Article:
Iran’s formidable cyber arsenal includes malware and DoS attacks.

Irans promise to avenge the US militarys recent killing of Irans top military commander, Qassem Soleimani, has stoked fears about what this retaliation will look like. Many worry that it will lead to all-out war, but although the US is adding 3,500 troops to the tens of thousands already stationed in the Middle East, there havent been any large-scale military fights on the ground.
On our computers, however, it might be a different story. One of Irans most likely responses to the USs actions may be a cyberattack on private businesses or even government systems which is why many experts in the US are bracing for an assault from a country that has established itself as one of the worlds major cyber threats in the last decade.
If Iran does launch a digital strike, this wouldnt be anything new. In fact, it would be just another battle in an ongoing invisible war between the US and Iran that has been happening for years.
Irans cyberattacks are already so extremely active and persistent that cybersecurity expert Brian Krebs told Recode, Its difficult to think of what might constitute an escalation of that activity.
The Department of Homeland Security also recognizes the potential cyberthreat. Two days after Soleimanis death, DHSs National Terrorism Advisory System issued a bulletin that mentioned Irans past cyber enabled attacks from its robust cyber program.
Iran is capable, at minimum, of carrying out attacks with temporary disruptive effects against critical infrastructure in the United States, the bulletin said.
Michael Daniel, president and CEO of Cyber Threat Alliance and the cybersecurity coordinator on the National Security Council during the Obama administration, told Recode that while its too early to say what Irans cyberattack plans could be, the United States should be prepared for the possibility.
Theyve used [cyber attacks] before, and they have continued developing their cyber capabilities over the last few years, Daniel said. Based on past experience with Iran, it would be a logical course of action for them to take.
How Iran became a cyber threat
If Irans past actions are any indication, a new cyberattack against the US could employ malware (programs that are designed to damage computer systems, such as computer viruses) or denial of service (DoS) attacks (when hackers bombard web services with so many requests that they are unable to function).
Ironically, it was a cyberattack linked to the US almost 10 years ago that led to Iran ramping up its cyberwarfare abilities. In June 2010, a computer virus called Stuxnet, which has been called unprecedentedly masterful and malicious, was discovered to have targeted computers that ran Irans nuclear program, reportedly destroying a fifth of its centrifuges.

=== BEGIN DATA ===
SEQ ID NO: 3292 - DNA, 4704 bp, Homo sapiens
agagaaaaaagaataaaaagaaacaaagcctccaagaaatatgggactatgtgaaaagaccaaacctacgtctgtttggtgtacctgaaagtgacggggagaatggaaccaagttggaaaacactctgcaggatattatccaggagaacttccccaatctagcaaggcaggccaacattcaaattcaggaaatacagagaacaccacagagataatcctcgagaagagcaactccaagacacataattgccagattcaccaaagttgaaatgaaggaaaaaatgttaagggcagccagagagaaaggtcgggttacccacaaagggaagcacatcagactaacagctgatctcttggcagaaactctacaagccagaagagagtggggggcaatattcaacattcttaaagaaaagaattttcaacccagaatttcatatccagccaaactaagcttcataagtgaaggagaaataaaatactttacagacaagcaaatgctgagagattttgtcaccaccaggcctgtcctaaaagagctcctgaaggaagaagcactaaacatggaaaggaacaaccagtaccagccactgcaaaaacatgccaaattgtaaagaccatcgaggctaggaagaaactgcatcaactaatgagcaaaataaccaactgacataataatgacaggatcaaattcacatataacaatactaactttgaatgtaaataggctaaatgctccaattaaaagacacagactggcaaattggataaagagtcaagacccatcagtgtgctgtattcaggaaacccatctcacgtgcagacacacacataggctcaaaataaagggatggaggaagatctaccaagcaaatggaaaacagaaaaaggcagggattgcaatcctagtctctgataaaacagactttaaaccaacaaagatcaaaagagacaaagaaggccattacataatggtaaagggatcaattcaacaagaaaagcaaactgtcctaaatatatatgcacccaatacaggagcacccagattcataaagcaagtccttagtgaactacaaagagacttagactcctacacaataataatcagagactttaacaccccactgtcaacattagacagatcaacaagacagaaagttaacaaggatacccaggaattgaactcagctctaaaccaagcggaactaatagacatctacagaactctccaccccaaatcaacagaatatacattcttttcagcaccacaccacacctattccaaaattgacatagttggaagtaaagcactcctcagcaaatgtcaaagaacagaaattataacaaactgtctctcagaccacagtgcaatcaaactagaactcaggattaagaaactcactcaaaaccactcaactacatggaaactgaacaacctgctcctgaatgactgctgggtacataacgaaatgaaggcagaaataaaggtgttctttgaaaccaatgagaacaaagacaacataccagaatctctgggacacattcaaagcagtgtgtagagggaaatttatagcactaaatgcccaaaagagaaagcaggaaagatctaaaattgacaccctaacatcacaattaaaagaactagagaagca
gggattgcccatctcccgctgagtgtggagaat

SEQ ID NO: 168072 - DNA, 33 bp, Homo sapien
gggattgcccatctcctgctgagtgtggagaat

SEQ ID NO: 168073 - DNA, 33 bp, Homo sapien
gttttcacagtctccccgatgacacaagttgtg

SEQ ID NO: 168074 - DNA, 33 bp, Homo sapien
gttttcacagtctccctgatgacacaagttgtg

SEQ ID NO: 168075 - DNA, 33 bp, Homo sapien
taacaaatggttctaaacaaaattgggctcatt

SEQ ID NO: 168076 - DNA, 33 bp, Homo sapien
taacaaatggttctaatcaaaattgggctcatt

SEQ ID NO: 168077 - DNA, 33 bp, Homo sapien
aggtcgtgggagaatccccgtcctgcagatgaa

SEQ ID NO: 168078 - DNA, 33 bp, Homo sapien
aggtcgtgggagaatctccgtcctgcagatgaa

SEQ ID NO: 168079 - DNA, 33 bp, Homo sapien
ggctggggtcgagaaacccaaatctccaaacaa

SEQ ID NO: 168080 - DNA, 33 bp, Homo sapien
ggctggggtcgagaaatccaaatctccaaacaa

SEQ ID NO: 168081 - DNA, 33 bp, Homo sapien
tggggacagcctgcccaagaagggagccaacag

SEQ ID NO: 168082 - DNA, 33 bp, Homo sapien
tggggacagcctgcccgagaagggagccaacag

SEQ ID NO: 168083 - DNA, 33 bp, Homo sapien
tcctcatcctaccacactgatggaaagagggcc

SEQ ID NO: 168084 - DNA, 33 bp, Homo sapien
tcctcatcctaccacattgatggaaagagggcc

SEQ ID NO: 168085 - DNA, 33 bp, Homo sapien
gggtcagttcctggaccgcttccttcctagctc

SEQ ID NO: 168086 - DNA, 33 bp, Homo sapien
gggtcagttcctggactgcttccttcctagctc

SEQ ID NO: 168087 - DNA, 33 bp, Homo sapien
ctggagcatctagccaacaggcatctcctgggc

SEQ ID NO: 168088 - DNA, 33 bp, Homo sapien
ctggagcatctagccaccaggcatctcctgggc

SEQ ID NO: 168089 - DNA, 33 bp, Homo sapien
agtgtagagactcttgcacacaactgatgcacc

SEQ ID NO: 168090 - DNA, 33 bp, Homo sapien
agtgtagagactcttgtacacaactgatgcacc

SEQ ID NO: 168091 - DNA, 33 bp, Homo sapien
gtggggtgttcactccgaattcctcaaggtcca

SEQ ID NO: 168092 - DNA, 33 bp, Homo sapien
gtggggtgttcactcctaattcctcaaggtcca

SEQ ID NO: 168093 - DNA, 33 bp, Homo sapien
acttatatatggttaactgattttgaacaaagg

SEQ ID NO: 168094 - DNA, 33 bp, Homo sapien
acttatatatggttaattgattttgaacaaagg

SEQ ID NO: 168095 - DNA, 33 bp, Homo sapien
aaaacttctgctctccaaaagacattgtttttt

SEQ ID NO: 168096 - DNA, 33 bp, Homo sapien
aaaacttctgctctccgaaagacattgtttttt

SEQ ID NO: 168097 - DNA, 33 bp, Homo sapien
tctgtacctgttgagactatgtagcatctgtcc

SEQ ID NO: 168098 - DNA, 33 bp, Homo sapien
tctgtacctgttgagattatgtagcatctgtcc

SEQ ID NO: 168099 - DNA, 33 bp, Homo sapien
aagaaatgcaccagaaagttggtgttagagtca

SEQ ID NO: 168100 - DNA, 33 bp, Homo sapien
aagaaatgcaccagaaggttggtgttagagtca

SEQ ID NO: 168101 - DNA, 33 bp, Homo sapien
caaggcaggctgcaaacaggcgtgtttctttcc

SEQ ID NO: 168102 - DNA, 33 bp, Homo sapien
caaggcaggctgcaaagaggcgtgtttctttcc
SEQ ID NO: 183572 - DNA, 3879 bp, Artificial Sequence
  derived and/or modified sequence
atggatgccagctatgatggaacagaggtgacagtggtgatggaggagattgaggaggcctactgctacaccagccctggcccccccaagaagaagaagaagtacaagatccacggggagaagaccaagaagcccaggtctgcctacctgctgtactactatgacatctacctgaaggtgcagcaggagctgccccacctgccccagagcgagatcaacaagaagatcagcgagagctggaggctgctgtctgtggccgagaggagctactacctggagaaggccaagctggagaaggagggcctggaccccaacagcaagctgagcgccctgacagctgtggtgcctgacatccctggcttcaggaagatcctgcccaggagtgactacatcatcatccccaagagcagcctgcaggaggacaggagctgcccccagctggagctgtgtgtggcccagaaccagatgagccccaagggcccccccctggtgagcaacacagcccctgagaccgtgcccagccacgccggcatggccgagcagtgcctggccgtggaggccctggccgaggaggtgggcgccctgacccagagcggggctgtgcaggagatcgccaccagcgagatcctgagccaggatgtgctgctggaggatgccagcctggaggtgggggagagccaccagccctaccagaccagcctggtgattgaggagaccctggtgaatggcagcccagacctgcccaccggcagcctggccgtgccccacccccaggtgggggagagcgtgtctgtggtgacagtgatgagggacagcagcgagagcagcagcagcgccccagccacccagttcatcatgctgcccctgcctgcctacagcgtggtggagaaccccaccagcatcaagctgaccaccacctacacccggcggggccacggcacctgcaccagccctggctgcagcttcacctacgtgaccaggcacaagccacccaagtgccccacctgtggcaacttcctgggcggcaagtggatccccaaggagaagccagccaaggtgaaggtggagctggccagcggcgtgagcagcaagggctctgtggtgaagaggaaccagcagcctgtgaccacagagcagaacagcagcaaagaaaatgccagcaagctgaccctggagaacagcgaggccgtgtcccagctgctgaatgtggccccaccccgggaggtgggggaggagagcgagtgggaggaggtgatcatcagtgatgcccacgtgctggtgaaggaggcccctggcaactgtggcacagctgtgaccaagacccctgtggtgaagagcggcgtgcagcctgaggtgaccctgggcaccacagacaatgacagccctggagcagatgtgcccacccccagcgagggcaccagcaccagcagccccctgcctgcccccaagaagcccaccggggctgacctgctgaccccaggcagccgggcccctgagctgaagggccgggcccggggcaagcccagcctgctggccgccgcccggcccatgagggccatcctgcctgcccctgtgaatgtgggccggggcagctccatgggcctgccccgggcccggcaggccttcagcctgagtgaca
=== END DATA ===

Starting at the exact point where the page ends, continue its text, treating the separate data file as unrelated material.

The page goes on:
While Stuxnet is largely believed to have been a joint US-Israel effort (with, it was recently reported, some help from the Dutch), neither government has officially acknowledged this. Iran responded by bulking up its cyberespionage capabilities, refining and improving its skills over the last decade, and attacking both America and its allies.
In America, Irans cyberattacks have largely targeted the private sector. In 2014, it hacked into Sands Hotel and Casinos systems, stealing and destroying data and ultimately costing the casino at least $40 million. And between 2011 and 2013, seven Iranians allegedly working on the Iranian governments behalf were accused of launching DoS attacks on 46 businesses, most of them financial institutions, according to a 2016 US Department of Justice indictment.
Irans most notorious cyberattack was against Saudi Arabias state-owned oil company, Saudi Aramco. In 2012, a virus called Shamoon destroyed more than 30,000 of Saudi Aramcos computers. (Shamoon was a type of wiper, a particularly harmful malware that irreversibly wipes data from the devices and networks it infects.)
Saudi Aramco was forced to go offline for months until it could rebuild its IT infrastructure, ultimately costing one of the most valuable companies in the world hundreds of millions of dollars. Modified versions of Shamoon surfaced in 2016 and 2018, which suggests Iran might use this tool to retaliate against the US if it does launch a cyberattack, experts told Recode.
I would expect destructive attacks like the Shamoon attack against Saudi Aramco, Chris Wysopal, co-founder and chief technology officer of cybersecurity software company Veracode, told Recode. He added that local governments and hospitals are potential soft targets for such attacks.